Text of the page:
A great job doesn't always require a bachelor's degree! Histotechnicians are medical laboratory technicians who specialize in preparing tissue samples for examination. They use their knowledge of histology to carefully prepare thin slices of bodily tissue, which they then process, stain and mount on slides. These samples are essential for the diagnosis and treatment of a wide range of medical conditions. Histotechnicians are highly skilled professionals who play an important role in the field of medical science.
- Being a problem solver.
- Having attentihon to detail.
- Having an interest in science.
- Enjoying challenges and responsibility.
Histotechnology is a great career path for someone who wants to be a professional in the medical field but would rather work behind the scenes in a laboratory.
A four-year degree is not required to be a histotechnician. Many students find employment with an Associate of Applied Science degree in histotechnology.
If students do pursue a bachelor's degree in a science field, they can be eligible for a higher level of certification once they complete the histotechnologist (HTL) certification exam. This allows them to do more complex techniques in areas such as immunohistochemistry, enzyme histochemistry and electron microscopy.
Those who pursue a master's degree in the field may find careers as a pathologist assistant.
For students who already hold a bachelor's degree in biology or chemistry. Contact the program director for more information.
Both histotechnicians and histotechnologists play important roles in the laboratory and contribute to the diagnosis and treatment of medical conditions. The main difference between the two is the level of education and training required, as well as the scope of their responsibilities.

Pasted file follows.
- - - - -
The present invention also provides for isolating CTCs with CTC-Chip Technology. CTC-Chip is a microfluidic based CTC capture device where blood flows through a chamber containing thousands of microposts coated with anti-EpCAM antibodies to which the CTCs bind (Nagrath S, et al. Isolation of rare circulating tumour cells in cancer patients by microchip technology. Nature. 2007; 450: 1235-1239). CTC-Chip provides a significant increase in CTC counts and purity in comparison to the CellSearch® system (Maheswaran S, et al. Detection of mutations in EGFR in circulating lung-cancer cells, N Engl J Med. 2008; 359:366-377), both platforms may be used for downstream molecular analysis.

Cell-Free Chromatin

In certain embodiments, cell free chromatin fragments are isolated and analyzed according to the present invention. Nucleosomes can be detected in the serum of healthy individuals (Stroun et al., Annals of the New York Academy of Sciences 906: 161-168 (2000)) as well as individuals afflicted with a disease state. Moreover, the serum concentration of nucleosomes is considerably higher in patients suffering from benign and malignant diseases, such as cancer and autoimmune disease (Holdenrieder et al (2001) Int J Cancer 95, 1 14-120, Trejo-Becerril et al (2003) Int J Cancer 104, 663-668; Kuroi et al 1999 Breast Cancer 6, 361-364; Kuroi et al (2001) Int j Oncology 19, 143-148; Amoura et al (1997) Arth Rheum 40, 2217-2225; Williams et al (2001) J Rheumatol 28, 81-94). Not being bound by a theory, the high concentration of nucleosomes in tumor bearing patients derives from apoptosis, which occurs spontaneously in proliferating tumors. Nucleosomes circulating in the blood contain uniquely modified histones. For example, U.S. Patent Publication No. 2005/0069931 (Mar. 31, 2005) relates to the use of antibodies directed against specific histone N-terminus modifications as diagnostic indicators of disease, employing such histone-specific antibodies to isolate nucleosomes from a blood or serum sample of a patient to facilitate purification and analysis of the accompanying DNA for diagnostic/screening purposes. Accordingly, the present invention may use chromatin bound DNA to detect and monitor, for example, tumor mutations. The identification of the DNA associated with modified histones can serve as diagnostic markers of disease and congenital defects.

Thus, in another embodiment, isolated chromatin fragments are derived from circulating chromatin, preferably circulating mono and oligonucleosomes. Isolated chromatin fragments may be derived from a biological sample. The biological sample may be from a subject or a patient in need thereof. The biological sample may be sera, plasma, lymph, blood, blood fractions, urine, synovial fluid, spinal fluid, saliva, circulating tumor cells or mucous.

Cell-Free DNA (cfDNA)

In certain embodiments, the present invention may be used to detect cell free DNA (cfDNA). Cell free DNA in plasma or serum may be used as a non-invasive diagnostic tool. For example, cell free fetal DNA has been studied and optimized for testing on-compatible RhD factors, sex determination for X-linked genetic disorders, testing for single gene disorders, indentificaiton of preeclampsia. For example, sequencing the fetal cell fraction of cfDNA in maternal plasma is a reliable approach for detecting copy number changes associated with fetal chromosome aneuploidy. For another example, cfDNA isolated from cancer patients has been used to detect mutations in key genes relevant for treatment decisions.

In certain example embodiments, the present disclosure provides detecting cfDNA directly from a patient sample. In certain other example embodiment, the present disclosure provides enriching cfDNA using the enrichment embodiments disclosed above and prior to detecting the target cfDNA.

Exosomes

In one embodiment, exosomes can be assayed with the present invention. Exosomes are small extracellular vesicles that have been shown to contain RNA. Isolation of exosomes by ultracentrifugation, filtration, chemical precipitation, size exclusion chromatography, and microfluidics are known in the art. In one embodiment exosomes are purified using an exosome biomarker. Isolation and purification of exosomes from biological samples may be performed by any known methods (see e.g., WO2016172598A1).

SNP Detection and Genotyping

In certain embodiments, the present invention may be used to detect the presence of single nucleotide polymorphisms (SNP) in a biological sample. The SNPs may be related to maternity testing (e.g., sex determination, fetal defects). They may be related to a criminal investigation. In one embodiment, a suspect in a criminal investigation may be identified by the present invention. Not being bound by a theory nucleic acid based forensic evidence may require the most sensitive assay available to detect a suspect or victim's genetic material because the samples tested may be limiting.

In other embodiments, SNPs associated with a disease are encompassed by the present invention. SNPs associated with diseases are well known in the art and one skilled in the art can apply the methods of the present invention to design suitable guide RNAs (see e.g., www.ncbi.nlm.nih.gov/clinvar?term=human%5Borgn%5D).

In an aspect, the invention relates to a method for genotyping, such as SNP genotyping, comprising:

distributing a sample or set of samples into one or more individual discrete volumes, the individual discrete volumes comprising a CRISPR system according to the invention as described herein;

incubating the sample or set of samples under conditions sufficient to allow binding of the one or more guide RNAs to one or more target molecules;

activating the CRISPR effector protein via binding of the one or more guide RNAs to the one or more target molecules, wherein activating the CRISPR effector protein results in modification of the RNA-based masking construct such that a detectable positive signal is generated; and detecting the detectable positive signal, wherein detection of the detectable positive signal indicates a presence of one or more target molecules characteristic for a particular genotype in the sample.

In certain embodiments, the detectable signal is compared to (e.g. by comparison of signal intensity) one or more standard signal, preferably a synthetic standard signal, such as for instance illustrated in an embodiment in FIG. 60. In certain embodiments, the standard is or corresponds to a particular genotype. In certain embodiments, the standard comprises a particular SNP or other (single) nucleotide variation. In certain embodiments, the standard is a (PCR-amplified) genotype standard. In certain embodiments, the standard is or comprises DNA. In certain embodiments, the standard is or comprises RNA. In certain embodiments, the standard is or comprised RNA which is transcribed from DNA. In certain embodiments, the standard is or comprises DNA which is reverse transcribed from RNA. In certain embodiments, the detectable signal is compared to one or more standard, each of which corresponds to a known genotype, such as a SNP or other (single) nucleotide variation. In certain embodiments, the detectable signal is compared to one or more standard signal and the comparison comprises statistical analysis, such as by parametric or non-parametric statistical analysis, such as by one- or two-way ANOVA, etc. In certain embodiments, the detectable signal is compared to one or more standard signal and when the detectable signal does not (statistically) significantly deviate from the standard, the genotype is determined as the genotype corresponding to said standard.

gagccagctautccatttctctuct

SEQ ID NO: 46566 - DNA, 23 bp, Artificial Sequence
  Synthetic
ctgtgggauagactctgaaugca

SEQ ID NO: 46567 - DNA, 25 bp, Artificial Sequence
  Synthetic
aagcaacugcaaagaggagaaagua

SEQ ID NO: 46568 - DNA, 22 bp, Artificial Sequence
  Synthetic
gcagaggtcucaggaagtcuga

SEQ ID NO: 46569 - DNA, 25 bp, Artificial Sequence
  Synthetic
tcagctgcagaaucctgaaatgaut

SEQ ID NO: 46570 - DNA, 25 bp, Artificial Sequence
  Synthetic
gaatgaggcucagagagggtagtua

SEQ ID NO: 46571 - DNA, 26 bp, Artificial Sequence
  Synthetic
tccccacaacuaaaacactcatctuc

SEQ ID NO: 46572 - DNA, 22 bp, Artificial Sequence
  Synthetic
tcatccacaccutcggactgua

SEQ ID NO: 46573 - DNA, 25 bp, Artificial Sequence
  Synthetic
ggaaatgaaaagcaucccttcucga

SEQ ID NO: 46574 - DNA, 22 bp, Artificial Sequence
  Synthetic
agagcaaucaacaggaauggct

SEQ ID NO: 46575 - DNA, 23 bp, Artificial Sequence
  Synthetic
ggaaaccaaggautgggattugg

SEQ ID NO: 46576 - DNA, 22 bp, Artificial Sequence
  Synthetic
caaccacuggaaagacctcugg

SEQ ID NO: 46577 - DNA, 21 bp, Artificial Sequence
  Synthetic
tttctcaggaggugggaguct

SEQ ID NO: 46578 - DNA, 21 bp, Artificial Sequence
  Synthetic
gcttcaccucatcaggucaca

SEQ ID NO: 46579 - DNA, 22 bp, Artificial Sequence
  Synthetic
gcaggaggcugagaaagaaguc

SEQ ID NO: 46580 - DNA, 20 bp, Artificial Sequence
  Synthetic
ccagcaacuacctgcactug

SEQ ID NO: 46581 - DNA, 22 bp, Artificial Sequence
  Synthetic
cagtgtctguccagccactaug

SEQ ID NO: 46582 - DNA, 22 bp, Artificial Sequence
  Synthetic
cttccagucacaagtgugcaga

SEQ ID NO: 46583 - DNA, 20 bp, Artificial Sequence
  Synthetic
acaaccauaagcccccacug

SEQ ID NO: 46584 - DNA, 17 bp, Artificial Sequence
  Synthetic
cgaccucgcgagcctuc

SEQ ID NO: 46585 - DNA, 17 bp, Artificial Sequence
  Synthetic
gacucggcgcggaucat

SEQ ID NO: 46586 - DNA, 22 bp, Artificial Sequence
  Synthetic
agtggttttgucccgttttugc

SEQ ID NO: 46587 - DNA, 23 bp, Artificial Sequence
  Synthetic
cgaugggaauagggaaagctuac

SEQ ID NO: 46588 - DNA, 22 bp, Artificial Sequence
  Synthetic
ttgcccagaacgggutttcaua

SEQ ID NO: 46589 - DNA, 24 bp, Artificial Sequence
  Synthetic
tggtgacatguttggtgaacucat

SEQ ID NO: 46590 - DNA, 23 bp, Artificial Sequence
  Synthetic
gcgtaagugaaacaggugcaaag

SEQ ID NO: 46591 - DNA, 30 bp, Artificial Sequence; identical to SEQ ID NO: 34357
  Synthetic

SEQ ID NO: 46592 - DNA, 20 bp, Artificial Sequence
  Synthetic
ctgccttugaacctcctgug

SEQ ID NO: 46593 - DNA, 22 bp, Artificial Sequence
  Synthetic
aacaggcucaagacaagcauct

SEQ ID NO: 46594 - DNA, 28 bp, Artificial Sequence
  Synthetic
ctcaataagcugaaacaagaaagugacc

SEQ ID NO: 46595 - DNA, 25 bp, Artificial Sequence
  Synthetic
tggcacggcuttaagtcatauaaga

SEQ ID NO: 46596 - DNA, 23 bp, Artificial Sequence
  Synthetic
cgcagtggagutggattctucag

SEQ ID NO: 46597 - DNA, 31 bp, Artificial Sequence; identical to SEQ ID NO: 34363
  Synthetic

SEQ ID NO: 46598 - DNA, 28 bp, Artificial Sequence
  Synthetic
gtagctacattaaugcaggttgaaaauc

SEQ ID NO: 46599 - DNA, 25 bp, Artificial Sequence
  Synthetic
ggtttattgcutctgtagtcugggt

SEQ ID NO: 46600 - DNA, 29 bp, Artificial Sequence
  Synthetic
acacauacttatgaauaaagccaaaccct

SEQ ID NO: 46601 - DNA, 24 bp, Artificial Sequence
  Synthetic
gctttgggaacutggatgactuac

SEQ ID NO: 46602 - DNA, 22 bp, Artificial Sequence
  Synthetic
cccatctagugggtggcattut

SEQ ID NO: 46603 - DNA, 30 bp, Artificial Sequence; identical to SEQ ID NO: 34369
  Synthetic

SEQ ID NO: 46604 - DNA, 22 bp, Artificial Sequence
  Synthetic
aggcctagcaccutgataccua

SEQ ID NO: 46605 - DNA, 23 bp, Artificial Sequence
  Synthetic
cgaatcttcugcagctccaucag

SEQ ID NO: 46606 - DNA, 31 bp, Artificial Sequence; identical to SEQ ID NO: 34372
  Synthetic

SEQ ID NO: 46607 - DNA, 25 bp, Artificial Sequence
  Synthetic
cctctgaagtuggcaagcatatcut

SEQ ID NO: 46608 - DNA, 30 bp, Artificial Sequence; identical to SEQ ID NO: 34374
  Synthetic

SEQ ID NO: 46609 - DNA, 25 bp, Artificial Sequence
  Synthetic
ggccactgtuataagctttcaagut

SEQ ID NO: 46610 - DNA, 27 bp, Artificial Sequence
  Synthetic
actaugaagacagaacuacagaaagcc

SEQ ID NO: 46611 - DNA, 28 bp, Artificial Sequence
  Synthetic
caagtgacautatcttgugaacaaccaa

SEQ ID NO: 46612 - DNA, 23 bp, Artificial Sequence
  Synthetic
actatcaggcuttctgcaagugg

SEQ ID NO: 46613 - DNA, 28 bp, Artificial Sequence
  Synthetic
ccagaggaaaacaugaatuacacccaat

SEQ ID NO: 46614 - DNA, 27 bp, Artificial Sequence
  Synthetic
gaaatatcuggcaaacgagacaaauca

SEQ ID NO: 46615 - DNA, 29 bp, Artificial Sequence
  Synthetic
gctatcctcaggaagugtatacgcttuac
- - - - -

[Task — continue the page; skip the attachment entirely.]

Many of our students earn their certification as a histotechnician at Lakeland and move on to bachelor's programs to become a histotechnologist while working in the field!
Histotechnicians are entry-level lab technicians who have completed an accredited training program and have passed an exam to become certified. They work under the supervision of a pathologist or more experienced technologist.
In contrast, histotechnologists are more advanced professionals who have completed a bachelor's degree in histotechnology or a related field, followed by a clinical internship or on-the-job training. They are responsible for more complex tasks such as special staining and immunohistochemistry, and may also train and supervise histotechnicians.
"I started out as a CCP student just trying to get some college credits out of the way. One of the classes I took was human biology and it made me decide I wanted to be in the medical field, though I was unsure what the best fit for me would be. I came across histology and found it interesting. Lakeland just so happened to offer a two-year program. After attending an information session on the program, I decided to give it a try. Some of the classes I took as a CCP student were required for my degree, so I was able to have a lighter load for my semesters. The classes I took and the people I've met made me fall for the subject. I was excited to go to class. My last semester was completing my clinical rotations, which I did at the Cleveland Clinic. During those 16 weeks I gained real world experience with the skills I was learning and developing in class. Before I even finished my clinicals I was hired full time by the Cleveland Clinic where I currently work. I'm very glad to have taken this program, I love that it allows me to help people in a more behind the scenes way."